The 'safety in numbers' thing is graphically displayed in your sequence, and makes me think of a parallel......could Canon owners be geese, and the lone eagle Olympus?

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    Default Re: Bird Lake Drama

    Don B that comment will stir up a huge debate,GO FOR IT.Jen a great series well done.Don B i like the way you think.

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    Default Re: Bird Lake Drama

    Stunning photographs in deed!

    Wow, what a great nature shot.

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    Default Re: Bird Lake Drama

    Great series Jens, I bet it was exciting.

    Steve

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    Default Re: Bird Lake Drama

    Thanks guys,

    Nate, you are right: "One's death is the other's bread" - as a Swedish saying goes. Here the wounded goose would die pretty soon anyway so the eagle just shortened its pain. Its the way it works in nature.

    Dale, focusing long teles is always tough but practice helps. AF would for sure have screwed things up here - but I discarded that option when chosing a MF lens anyway.

    Pete, LOL! I don't know how hungry the eagle actually was. I think they do this by instinct. After killing the goose, it didn't stay and eat it and I have seen that before. White-tailed eagles are known for feeding on carcasses so maybe it will return to the kill on a day with less geese around?

    Jim, manual focus is the secret here.

    Cheers, Jens.
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    Default Re: Bird Lake Drama

    Thanks Clay, yes the killing itself was out of sight. As you see in one image only the head of the goose can be seen and that is a bit taller than an eagle.

    Let the eagles come and stay and enjoy the wonders of nature instead of worrying about "animal groupies"!

    Cheers, Jens.
    Motto: Wildlife won't come to me unless I go to it.
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    My Wildlife Photos: jensbirch.smugmug.com

    E-5, E-3, E-510, IR-E-1 ,E-P2
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    Default Re: Bird Lake Drama

    Thanks friends!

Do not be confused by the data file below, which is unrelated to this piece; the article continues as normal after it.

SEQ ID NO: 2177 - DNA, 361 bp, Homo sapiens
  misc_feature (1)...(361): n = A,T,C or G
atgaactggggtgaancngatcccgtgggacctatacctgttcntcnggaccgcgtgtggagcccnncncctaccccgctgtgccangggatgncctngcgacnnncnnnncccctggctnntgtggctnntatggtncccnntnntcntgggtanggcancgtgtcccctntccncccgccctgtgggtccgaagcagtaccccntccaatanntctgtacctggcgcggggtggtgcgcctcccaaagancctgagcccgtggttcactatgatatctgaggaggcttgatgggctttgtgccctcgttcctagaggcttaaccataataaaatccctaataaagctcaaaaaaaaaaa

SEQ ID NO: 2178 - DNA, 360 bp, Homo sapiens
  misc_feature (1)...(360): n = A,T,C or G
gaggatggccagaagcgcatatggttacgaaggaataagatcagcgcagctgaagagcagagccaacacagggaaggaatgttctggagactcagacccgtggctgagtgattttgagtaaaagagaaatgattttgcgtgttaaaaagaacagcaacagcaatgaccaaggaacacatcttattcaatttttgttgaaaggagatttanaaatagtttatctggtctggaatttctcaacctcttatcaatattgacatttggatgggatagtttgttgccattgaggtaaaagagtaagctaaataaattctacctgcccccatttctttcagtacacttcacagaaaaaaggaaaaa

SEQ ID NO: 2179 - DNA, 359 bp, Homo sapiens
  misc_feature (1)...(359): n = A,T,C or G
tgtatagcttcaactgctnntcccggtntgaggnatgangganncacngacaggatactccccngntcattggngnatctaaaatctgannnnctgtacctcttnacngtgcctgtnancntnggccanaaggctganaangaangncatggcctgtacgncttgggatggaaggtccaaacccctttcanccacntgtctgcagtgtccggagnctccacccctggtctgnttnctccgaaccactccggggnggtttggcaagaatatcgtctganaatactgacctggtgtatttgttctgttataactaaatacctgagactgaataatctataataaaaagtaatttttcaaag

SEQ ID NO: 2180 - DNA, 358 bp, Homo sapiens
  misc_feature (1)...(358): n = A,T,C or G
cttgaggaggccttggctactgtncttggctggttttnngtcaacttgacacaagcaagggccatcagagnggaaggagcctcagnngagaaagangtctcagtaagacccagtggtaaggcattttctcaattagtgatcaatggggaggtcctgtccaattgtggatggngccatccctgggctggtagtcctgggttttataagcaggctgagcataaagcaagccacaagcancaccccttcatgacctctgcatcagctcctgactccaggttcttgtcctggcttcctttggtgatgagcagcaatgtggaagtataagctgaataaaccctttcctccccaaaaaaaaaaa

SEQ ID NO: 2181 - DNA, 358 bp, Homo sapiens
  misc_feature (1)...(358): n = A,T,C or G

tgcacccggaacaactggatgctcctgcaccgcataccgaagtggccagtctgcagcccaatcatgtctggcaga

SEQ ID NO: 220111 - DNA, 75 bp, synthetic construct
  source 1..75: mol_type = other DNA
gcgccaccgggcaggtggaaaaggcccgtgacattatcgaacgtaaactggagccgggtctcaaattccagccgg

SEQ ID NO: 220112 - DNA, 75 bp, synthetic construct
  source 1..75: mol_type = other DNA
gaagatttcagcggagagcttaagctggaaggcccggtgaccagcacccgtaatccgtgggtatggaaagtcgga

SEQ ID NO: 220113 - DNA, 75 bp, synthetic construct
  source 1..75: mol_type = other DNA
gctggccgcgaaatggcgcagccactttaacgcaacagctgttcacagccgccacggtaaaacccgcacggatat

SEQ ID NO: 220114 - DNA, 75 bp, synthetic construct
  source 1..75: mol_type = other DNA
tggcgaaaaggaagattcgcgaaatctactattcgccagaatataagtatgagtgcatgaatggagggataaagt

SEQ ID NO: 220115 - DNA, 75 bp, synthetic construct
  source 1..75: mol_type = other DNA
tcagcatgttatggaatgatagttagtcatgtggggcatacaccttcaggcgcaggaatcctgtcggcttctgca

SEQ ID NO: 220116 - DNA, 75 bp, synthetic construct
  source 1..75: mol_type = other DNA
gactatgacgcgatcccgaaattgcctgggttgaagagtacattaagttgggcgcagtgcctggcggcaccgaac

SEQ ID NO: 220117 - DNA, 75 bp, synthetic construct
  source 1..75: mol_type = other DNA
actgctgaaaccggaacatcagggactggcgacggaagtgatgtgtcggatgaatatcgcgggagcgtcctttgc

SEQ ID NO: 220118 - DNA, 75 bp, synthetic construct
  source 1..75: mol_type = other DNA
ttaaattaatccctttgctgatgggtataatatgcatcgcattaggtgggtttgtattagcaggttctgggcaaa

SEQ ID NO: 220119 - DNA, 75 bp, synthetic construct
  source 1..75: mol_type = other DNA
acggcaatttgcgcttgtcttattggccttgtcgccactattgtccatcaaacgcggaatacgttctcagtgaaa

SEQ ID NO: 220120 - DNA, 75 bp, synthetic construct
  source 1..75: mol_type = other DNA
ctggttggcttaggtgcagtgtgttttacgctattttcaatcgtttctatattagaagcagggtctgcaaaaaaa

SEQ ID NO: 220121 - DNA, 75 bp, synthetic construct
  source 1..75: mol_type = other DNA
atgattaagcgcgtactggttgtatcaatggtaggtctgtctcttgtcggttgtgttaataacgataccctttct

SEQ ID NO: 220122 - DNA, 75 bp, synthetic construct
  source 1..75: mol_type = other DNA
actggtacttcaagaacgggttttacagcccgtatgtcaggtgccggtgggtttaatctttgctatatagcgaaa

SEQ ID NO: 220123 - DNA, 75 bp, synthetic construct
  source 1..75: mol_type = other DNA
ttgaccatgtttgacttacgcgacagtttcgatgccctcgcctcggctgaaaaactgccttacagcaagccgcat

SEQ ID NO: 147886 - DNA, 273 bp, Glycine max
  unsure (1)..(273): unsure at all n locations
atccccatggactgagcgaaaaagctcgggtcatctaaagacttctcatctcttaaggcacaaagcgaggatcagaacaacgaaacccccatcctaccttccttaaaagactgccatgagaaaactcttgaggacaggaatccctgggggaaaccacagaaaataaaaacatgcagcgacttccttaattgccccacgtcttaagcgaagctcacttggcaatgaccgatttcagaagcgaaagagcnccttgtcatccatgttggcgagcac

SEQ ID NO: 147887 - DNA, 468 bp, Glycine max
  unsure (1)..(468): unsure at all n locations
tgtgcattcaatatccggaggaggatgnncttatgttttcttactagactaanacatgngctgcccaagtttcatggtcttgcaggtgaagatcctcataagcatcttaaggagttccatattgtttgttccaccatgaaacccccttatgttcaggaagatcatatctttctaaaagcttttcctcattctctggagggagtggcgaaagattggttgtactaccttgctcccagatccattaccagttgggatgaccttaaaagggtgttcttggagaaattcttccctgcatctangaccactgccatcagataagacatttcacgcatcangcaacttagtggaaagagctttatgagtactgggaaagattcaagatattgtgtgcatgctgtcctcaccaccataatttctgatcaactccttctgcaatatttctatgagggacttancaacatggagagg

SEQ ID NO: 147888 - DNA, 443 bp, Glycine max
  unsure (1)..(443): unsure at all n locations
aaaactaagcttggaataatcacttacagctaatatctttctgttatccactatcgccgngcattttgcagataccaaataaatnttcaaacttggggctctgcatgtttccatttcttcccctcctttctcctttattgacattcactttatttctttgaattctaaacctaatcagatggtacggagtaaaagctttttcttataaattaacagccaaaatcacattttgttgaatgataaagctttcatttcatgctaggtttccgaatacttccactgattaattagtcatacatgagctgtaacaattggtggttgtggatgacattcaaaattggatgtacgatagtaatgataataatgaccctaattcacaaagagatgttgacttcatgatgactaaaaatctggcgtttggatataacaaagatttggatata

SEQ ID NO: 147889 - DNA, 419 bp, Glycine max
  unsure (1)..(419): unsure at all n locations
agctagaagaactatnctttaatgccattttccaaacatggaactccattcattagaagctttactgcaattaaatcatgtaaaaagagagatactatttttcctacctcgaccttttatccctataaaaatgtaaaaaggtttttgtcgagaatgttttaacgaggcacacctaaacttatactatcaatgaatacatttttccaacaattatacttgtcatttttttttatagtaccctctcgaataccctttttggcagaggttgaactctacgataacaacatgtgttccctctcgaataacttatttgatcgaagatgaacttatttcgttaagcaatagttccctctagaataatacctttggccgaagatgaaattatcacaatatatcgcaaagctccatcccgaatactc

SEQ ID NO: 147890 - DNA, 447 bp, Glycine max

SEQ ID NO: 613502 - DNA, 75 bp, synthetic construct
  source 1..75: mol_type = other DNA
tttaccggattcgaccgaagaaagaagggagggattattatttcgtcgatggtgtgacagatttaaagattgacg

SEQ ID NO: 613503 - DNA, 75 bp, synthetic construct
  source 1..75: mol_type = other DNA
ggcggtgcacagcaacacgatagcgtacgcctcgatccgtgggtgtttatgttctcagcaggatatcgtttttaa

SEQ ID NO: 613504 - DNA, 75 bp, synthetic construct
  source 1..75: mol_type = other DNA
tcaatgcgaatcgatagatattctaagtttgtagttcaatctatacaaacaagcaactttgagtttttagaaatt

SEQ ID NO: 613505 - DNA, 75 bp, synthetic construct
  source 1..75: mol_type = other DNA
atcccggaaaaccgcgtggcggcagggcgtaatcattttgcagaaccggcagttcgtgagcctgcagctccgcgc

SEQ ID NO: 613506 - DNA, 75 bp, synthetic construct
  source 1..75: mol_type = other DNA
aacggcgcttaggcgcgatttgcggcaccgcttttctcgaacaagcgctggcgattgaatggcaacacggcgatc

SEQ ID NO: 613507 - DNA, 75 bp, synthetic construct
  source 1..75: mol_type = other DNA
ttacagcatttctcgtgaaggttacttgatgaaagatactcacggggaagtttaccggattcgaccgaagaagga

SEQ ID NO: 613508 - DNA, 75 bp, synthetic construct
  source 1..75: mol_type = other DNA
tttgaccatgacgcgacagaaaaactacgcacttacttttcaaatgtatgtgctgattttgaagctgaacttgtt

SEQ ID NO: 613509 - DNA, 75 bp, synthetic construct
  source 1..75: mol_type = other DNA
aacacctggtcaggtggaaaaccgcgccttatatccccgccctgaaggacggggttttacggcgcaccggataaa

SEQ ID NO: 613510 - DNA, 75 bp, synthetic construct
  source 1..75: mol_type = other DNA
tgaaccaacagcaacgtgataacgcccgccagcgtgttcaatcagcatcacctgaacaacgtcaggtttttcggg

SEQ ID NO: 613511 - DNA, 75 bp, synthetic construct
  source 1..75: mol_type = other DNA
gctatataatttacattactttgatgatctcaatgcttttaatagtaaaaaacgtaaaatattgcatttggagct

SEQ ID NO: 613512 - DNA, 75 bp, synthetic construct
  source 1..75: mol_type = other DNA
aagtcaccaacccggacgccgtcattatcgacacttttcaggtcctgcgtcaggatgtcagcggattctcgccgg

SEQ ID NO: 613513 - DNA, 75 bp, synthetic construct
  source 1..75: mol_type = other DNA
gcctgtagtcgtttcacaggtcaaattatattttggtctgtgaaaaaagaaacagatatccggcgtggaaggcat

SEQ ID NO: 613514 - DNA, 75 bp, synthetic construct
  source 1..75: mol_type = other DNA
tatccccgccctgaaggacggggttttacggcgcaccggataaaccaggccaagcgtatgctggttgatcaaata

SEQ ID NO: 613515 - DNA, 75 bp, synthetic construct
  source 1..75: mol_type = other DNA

bg2b, yes - experiencing this kind of drama is fantastic and it doesn't happen too often but it helps getting out frequently.

    Don, LOL! I suspect that, psychologically you are right to some extent! However, I'm not sure that this allegory holds much further though. I mean, why are we all gathered in this forum - really?

    Cheers, Jens.
    Motto: Wildlife won't come to me unless I go to it.
    --------------------------------------------------------
    My Wildlife Photos: jensbirch.smugmug.com

    E-5, E-3, E-510, IR-E-1 ,E-P2
    ZD: 7-14, 14-54, 50, 50-200 SWD, 90-250/2.8, 300/2.8, EC-14, EC-20
    Peleng 8mm fisheye, shift Tamron SP 17/3.5, Tokina AT-X 300/2.8
    FL-50R, FL-40, FL-20, HLD-2, HLD-4, cleaved ZD EX-25 w. electric bypass, 250D, 500D, KatzEye Plus OptiBrite
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    Default Re: Bird Lake Drama

    Thanks guys,

    yes - Nature is exciting!

    Cheers, Jens.
    Motto: Wildlife won't come to me unless I go to it.
    --------------------------------------------------------
    My Wildlife Photos: jensbirch.smugmug.com

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    Default Re: Bird Lake Drama

    Jens, its amazing, I love it, you captured the nature and show us at the other side of the globe, THANK YOU ~~~

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    Default Re: Bird Lake Drama

    Great series Jens. I especially love the last shot. You can see those wings closing in on the goose like a avian grim reaper coming to claim his next soul. Ok, maybe its only that dramatic to the birds...but anyway, awesome capture.
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    Default Re: Bird Lake Drama

    Simply one of the best nature series I have seen in years. outstanding photos and good explanations. I do not think it could be done any better.

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    Default Re: Bird Lake Drama

    Quote Originally Posted by jebir View Post
    Thanks friends!

    Don, LOL! I suspect that, psychologically you are right to some extent! However, I'm not sure that this allegory holds much further though. I mean, why are we all gathered in this forum - really?